Former President Obama’s political team repeatedly attacked House Republican Whip Steve Scalise as proof that the Republican party was racist, making him a target for leftist hate during their time in office.
“You’ll recall that one Republican congressman told a reporter that he was ‘David Duke without the baggage,’” former White House press secretary Josh Earnest told reporters in September 2015, using Scalise to attack Donald Trump. “Mr. Trump isn’t the first Republican politician to countenance these kinds of views in order to win votes.”
Scalise reportedly made the comment about Duke nearly 20 years ago, which a reporter remembered and published in January 2015. In 2002, Scalise gave a speech the European-American Unity and Rights Organization (EURO) — a group tied to Duke, a former KKK leader. Scalise apologized for the decision, calling it “a mistake I regret,” after it became public in 2014.
But the White House used Scalise as a punching bag, frequently reminding reporters that Republicans blocked both immigration reform and the reauthorization of the Voting Rights Act, and supported allowing the Confederate flag to be placed in military cemeteries, suggesting they were racist.
“Those are the priorities of today’s Republican Party, and they’ll continue to be until someone in the Republican Party decides to summon the courage to stand up and change it,” Earnest said.
The White House was still using the talking point in August 2016 ahead of the presidential election.
“I think what is clear is that there has been a willingness on the part of Republicans in Congress to appeal to extremists in this country to try to build political support for their party,” Earnest said in August 2016, again citing the David Duke attack against Scalise.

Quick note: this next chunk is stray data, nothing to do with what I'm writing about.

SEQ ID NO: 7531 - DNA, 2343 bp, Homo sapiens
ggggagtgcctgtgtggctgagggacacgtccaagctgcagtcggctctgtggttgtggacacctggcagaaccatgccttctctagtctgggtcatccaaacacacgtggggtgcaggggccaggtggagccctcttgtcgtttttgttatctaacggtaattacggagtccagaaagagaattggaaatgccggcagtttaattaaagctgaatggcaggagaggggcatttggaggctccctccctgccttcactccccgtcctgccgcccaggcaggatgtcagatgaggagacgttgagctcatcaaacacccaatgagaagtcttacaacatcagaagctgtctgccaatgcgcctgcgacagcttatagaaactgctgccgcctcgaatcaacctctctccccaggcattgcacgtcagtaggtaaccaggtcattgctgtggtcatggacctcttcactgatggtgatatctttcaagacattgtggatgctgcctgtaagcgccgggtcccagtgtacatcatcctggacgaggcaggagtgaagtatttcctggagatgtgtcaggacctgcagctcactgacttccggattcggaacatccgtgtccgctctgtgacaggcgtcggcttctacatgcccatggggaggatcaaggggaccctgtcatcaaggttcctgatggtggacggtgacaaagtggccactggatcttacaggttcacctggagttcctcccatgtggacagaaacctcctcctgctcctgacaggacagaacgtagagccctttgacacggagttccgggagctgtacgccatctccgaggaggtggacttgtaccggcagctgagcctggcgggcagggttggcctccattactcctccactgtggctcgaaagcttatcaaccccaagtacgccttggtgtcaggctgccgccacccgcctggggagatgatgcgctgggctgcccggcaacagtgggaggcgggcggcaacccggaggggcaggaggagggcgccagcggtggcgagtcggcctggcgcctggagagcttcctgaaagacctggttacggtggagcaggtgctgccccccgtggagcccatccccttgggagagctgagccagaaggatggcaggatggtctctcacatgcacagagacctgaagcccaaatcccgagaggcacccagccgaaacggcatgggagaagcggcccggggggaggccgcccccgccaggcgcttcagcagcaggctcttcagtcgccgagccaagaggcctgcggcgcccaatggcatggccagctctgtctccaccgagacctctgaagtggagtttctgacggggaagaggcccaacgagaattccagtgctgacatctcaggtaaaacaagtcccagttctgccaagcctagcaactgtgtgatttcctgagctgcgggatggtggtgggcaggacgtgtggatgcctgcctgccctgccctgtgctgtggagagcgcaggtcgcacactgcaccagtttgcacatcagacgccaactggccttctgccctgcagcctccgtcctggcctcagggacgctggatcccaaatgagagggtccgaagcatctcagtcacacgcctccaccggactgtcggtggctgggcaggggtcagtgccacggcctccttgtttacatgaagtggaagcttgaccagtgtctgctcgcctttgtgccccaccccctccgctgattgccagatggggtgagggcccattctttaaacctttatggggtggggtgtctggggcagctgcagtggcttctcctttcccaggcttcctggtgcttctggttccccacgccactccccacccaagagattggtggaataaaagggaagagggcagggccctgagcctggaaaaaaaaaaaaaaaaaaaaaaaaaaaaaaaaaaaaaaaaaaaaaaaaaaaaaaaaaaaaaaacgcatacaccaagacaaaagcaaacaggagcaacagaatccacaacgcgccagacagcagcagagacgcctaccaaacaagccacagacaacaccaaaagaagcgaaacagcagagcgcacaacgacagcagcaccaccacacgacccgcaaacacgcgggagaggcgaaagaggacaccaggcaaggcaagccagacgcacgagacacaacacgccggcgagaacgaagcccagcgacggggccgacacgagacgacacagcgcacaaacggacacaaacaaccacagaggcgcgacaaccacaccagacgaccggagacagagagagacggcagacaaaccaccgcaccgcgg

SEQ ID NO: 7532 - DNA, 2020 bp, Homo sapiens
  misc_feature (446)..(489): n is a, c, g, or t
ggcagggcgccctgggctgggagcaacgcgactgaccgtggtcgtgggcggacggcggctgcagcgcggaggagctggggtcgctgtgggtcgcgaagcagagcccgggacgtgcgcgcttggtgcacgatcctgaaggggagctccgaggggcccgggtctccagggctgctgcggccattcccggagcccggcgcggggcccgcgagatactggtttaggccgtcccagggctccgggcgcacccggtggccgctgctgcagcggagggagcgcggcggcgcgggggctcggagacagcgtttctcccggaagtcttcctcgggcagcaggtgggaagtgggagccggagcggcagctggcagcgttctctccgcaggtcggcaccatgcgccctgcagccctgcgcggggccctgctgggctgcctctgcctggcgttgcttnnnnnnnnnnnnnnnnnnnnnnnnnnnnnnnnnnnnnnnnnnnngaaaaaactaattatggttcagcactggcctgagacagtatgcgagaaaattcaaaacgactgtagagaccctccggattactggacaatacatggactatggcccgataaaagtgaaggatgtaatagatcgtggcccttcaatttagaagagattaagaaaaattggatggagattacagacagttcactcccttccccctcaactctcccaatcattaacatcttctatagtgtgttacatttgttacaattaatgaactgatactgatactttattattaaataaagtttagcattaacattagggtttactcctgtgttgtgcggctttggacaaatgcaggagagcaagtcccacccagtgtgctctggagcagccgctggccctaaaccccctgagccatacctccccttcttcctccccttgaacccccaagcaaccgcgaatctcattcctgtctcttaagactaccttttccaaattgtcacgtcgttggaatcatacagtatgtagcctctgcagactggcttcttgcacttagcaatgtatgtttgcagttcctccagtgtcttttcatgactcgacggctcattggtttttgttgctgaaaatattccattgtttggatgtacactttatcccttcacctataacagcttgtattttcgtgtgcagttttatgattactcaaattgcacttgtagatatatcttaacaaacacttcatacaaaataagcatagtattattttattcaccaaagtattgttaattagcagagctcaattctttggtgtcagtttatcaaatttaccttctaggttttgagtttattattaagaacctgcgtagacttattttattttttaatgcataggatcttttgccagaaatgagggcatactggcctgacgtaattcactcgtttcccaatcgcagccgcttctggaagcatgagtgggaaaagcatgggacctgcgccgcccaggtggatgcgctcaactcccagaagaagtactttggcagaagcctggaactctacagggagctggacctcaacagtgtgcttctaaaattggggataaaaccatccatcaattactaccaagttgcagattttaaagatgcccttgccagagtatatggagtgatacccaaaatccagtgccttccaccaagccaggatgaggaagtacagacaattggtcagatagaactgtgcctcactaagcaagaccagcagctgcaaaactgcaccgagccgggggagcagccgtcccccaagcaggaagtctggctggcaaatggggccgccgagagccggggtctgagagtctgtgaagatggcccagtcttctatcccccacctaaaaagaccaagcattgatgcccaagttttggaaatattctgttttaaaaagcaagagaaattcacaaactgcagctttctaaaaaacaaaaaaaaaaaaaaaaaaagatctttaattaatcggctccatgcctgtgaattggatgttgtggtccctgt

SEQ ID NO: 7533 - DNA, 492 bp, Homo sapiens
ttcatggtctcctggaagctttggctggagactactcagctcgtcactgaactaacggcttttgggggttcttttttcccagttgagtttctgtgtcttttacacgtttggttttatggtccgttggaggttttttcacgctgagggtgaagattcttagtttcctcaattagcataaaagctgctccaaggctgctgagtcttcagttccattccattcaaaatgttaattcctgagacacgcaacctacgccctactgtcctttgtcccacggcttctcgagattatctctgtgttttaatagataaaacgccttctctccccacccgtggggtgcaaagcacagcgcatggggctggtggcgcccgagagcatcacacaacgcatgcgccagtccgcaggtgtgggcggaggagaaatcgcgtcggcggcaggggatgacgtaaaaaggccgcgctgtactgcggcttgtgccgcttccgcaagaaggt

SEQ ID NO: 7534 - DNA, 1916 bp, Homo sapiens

“They’ve threatened to hold up government funding to make sure that the Confederate flag can be shown in government cemeteries,” Deputy Press Secretary Eric Schultz said, repeating the “David Duke” comment in September 2016.
In response to questions about Trump, Earnest employed the Scalise attack in June 2016.
“I’m not surprised that there are many Republicans, in Congress at least, who have chosen to overlook these controversial comments and continue to support the presumptive Republican nominee,” Earnest said, citing the “David Duke” comment yet again.
The attacks led leftists to repeatedly suggest that Scalise was aligned with the beliefs of the KKK, a topic that was featured in political cartoons.
On Facebook, the Congressional baseball practice shooter, James T. Hodgkinson, “liked” a political cartoon that featured Scalise as a member of the KKK.
Anti-Scalise cartoon “liked” by James T. Hodgkinson on Facebook https://t.co/nmgxqSn31r pic.twitter.com/mPVDbdfpTn
— Charlie Spiering (@charliespiering) June 14, 2017
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